Northern Illinois University

Northern Today

Assessment Expo spurs conversation on rubrics,
multiple measurements, technology, closing loop

February 23, 2009

by Mark McGowan

What can good assessment practices produce? What does good assessment require?

Brianno Coller

The 65 NIU faculty and staff who gathered Friday morning for NIU’s second Assessment Expo, which this year featured four roundtable discussions on various ways to measure desired outcomes, have plenty of answers.

Direction. Validation. Proof. Continuous improvement. Careful development, frequent examination and informed refinement of measurement tools.

“Assessment helps you to validate – to be confident – that your program is delivering what it’s designed to deliver,” said Omar Ghrayeb, chair of NIU’s Department of Industrial and Systems Engineering and one of a dozen presenters who also conducted poster sessions. “Assessment rubrics grow, and we grow with them.”

Sandi Carlisle and Cyndi Chao

Presented by the Office of Assessment Services to spotlight good ideas at the university and to enable the sharing of experiences and wisdom. Friday’s roundtable topics were “Use of Rubrics,” “Use of Multiple Measurements,” “Innovative Technology” and “Closing the Loop.”

“With the backdrop of increasing accountability pressures from the Illinois Board of Higher Education, the federal government and our own regional accreditor, the Higher Learning Commission, it is important, now more than ever, that we discuss our assessment methods more broadly and share our best practices,” said Carolinda Douglass, director of Assessment Services.

“Such collaboration not only makes us accountable to external parties,” Douglass added, “but helps us to provide the best teaching and learning environments.”

Greg Conderman, an associate professor in the College of Education’s Department of Teaching and Learning, offered “advantages and issues” of rubrics.


  • Provide consistency in scoring.
  • Reduce scoring errors.
  • Make scoring easier and faster.
  • Offer specific feedback to students.
  • Guide student efforts as they plan their projects.


  • Time-consuming to develop.
  • Not appropriate for all learning tasks.
  • Do not capture every aspect of a good project.
  • May reduce student creativity.
  • Often difficult to translate into a grade.

Participants heard about the use of “clickers” from David Ballantine, an associate professor in chemistry who incorporates three or four clicker-response questions into each of his lectures.

The instant feedback allows Ballantine to know what percentage of students understands his lessons as he presents them. Since putting the clickers to use, he has seen improved test scores to prove their effectiveness as a teaching tool.

Margie Cook, director of the Lesbian, Gay, Bisexual, Transgender Resource Center, uses multiple measurements to improve the students who volunteer for the “Straight Talk Speakers Bureau.”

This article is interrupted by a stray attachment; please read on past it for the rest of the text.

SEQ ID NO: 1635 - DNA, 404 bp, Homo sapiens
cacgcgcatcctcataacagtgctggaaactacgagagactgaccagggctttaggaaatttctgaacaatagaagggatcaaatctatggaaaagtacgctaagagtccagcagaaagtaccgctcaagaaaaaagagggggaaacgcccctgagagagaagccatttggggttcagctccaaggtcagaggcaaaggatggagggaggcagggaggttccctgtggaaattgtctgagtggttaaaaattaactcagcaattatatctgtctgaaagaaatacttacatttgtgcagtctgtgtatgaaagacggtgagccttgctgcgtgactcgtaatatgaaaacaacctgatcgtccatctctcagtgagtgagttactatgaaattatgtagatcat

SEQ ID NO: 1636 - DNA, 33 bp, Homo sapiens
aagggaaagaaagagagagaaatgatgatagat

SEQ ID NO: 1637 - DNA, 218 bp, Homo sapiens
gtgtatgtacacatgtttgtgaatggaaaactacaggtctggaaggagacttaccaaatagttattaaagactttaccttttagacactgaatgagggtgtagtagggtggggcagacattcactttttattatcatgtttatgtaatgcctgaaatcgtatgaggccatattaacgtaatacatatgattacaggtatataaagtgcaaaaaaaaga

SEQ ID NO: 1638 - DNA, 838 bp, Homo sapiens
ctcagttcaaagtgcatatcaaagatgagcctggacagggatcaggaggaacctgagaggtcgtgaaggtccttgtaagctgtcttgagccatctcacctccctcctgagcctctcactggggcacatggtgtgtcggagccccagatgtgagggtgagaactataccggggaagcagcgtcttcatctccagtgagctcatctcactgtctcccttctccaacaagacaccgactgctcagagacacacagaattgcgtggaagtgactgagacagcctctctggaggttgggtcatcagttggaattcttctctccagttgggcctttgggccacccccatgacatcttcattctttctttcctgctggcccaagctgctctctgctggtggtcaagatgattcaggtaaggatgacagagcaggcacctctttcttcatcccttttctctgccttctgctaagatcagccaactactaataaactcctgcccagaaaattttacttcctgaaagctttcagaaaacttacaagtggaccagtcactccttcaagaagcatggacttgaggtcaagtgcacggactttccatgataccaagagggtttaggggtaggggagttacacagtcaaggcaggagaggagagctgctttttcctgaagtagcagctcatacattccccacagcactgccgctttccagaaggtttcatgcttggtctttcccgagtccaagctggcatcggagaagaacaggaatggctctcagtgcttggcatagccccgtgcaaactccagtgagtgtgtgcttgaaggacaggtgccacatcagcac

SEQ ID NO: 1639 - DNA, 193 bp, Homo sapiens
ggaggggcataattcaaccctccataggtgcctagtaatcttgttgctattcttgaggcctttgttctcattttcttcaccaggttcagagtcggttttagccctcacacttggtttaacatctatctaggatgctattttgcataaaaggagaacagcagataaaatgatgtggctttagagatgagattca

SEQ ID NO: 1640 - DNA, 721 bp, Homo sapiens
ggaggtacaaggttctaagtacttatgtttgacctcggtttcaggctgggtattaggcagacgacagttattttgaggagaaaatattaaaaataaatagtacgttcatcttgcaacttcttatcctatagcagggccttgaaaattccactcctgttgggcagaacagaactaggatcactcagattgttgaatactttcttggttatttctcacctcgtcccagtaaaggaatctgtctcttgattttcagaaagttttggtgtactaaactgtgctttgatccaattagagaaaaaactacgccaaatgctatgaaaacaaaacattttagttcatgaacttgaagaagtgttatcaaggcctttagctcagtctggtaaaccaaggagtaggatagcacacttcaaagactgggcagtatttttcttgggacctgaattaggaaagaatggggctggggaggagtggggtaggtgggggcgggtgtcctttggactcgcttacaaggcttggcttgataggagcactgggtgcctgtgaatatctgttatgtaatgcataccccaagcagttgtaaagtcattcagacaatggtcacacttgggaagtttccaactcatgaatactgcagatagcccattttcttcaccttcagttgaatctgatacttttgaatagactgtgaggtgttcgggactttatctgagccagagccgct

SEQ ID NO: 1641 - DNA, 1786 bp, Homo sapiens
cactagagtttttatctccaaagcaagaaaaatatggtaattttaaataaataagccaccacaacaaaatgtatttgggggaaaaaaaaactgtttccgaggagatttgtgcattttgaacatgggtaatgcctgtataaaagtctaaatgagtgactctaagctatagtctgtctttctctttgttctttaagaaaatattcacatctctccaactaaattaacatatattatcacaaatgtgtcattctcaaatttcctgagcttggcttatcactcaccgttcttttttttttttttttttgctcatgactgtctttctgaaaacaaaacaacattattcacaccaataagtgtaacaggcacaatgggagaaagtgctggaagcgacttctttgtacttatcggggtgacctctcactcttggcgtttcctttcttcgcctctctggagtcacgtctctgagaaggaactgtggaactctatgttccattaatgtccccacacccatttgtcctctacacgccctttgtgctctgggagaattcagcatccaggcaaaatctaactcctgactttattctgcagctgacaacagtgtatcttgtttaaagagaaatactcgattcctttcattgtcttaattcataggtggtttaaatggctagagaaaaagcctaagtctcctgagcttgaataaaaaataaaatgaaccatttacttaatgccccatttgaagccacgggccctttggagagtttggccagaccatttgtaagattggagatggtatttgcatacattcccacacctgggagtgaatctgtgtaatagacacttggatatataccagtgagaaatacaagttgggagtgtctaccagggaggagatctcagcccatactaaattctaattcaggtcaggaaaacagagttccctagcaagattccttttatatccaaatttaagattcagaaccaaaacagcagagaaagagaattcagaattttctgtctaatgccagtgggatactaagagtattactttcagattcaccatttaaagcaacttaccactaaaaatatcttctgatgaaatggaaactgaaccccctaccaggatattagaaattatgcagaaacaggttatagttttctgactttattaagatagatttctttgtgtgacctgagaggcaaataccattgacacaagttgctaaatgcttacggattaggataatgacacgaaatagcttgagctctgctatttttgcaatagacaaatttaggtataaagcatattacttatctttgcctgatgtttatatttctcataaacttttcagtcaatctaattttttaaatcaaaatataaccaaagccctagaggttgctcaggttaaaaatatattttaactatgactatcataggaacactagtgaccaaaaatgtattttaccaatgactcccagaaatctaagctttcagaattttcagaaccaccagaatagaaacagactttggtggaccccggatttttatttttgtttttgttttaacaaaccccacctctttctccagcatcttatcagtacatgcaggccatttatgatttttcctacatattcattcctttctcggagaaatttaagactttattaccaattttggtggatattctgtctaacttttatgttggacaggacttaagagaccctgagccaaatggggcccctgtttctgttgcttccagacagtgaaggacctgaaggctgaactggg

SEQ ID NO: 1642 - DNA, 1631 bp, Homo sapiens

Students complete self-reflection surveys after each public address; those results are compared with the perceptions of Cook, the audience and the speech sponsor. Backed with the four sets of data for each student, she holds individual meetings with her “speakers” to sharpen their presentations.

Cook also learned that students want ongoing development of their public speaking rather than a one-time seminar at the start of the semester.

“These students are volunteers,” she said. “They’re very committed, interested and highly motivated. They’re critical of themselves. They want to do a better job.”

Michelle Bringas, director of the Asian American Resource Center, explained how ongoing assessment of the “OHANA!” peer mentor training program has enhanced that service for students.

Peer mentors are surveyed on how the training helped them personally, how it developed their mentor skills, how it advanced their leadership abilities and how they expect it will benefit their professional careers after college.

Spurred by additional feedback from peer mentors, the program now is based on a small group model, holds a joint training retreat with other NIU peer mentor programs and includes an annual recognition ceremony for all participants.

Students who operate Ellington’s, the College of Health and Human Sciences dining room in the Holmes Student Center, use comment cards to improve their learning and performance in the required course as well as the restaurant’s service.

Diners are asked to rate their experiences on the quality of the food, the promptness and friendliness of the service, the atmosphere and the cleanliness, said Josephine Umoren, coordinator of Nutrition, Dietetics and Hospitality Administration in the School of Family, Consumer and Nutrition Sciences. Students and their instructor review the comments and make adjustments for the next time that menu is served.

Ellington’s itself, where customers are served meals at their tables, it itself partially the result of assessment.

Members of an advisory board made up of employers provided feedback to the school’s faculty that students should learn more about running a restaurant like Ellington’s, Umoren said. The Chandelier Room, which Ellington’s replaced, was a buffet.

Other presenters Friday were Betty Birner, Department of English; Susan Callahan, Department of English; Sandi Carlisle, director, Recreation Services; Brianno Coller, Department of Mechanical Engineering; Susan Marsh, chair, Department of Management; Chris Thomas, Department of Management.

Appropriately enough, all of Friday’s participants were encouraged to complete evaluation forms about the expo.

For more information about the Office of Assessment Services and other upcoming events, call (815) 753-8659.